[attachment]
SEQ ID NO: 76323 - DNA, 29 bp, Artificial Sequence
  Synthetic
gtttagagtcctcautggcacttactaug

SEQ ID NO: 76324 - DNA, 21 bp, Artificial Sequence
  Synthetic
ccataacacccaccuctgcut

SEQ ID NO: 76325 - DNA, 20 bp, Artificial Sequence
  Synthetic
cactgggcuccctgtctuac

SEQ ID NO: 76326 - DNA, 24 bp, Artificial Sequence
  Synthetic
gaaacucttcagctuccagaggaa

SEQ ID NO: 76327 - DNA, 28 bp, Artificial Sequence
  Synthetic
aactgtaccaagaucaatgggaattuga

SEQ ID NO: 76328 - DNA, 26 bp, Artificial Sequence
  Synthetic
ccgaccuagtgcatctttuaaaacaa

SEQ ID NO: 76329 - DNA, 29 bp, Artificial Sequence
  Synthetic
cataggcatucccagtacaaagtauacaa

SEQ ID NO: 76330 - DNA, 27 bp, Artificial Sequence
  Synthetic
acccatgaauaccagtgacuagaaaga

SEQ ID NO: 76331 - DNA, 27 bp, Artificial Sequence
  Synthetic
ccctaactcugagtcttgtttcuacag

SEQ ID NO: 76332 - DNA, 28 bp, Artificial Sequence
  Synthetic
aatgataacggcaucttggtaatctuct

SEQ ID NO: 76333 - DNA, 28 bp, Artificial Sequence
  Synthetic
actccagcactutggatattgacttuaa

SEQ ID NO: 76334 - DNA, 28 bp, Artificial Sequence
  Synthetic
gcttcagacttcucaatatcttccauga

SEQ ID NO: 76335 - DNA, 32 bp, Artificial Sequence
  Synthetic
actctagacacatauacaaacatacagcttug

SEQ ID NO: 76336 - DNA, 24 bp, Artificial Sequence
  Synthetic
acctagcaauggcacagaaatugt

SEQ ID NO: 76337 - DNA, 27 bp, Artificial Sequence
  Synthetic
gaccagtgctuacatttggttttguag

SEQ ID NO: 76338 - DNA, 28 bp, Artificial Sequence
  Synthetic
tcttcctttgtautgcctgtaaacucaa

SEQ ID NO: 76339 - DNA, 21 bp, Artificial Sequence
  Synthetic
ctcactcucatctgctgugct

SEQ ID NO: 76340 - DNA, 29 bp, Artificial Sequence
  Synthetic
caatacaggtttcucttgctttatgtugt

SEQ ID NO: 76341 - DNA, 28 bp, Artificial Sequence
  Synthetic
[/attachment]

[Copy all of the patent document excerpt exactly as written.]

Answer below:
SEQ ID NO: 76323 - DNA, 29 bp, Artificial Sequence
  Synthetic
gtttagagtcctcautggcacttactaug

SEQ ID NO: 76324 - DNA, 21 bp, Artificial Sequence
  Synthetic
ccataacacccaccuctgcut

SEQ ID NO: 76325 - DNA, 20 bp, Artificial Sequence
  Synthetic
cactgggcuccctgtctuac

SEQ ID NO: 76326 - DNA, 24 bp, Artificial Sequence
  Synthetic
gaaacucttcagctuccagaggaa

SEQ ID NO: 76327 - DNA, 28 bp, Artificial Sequence
  Synthetic
aactgtaccaagaucaatgggaattuga

SEQ ID NO: 76328 - DNA, 26 bp, Artificial Sequence
  Synthetic
ccgaccuagtgcatctttuaaaacaa

SEQ ID NO: 76329 - DNA, 29 bp, Artificial Sequence
  Synthetic
cataggcatucccagtacaaagtauacaa

SEQ ID NO: 76330 - DNA, 27 bp, Artificial Sequence
  Synthetic
acccatgaauaccagtgacuagaaaga

SEQ ID NO: 76331 - DNA, 27 bp, Artificial Sequence
  Synthetic
ccctaactcugagtcttgtttcuacag

SEQ ID NO: 76332 - DNA, 28 bp, Artificial Sequence
  Synthetic
aatgataacggcaucttggtaatctuct

SEQ ID NO: 76333 - DNA, 28 bp, Artificial Sequence
  Synthetic
actccagcactutggatattgacttuaa

SEQ ID NO: 76334 - DNA, 28 bp, Artificial Sequence
  Synthetic
gcttcagacttcucaatatcttccauga

SEQ ID NO: 76335 - DNA, 32 bp, Artificial Sequence
  Synthetic
actctagacacatauacaaacatacagcttug

SEQ ID NO: 76336 - DNA, 24 bp, Artificial Sequence
  Synthetic
acctagcaauggcacagaaatugt

SEQ ID NO: 76337 - DNA, 27 bp, Artificial Sequence
  Synthetic
gaccagtgctuacatttggttttguag

SEQ ID NO: 76338 - DNA, 28 bp, Artificial Sequence
  Synthetic
tcttcctttgtautgcctgtaaacucaa

SEQ ID NO: 76339 - DNA, 21 bp, Artificial Sequence
  Synthetic
ctcactcucatctgctgugct

SEQ ID NO: 76340 - DNA, 29 bp, Artificial Sequence
  Synthetic
caatacaggtttcucttgctttatgtugt

SEQ ID NO: 76341 - DNA, 28 bp, Artificial Sequence
  Synthetic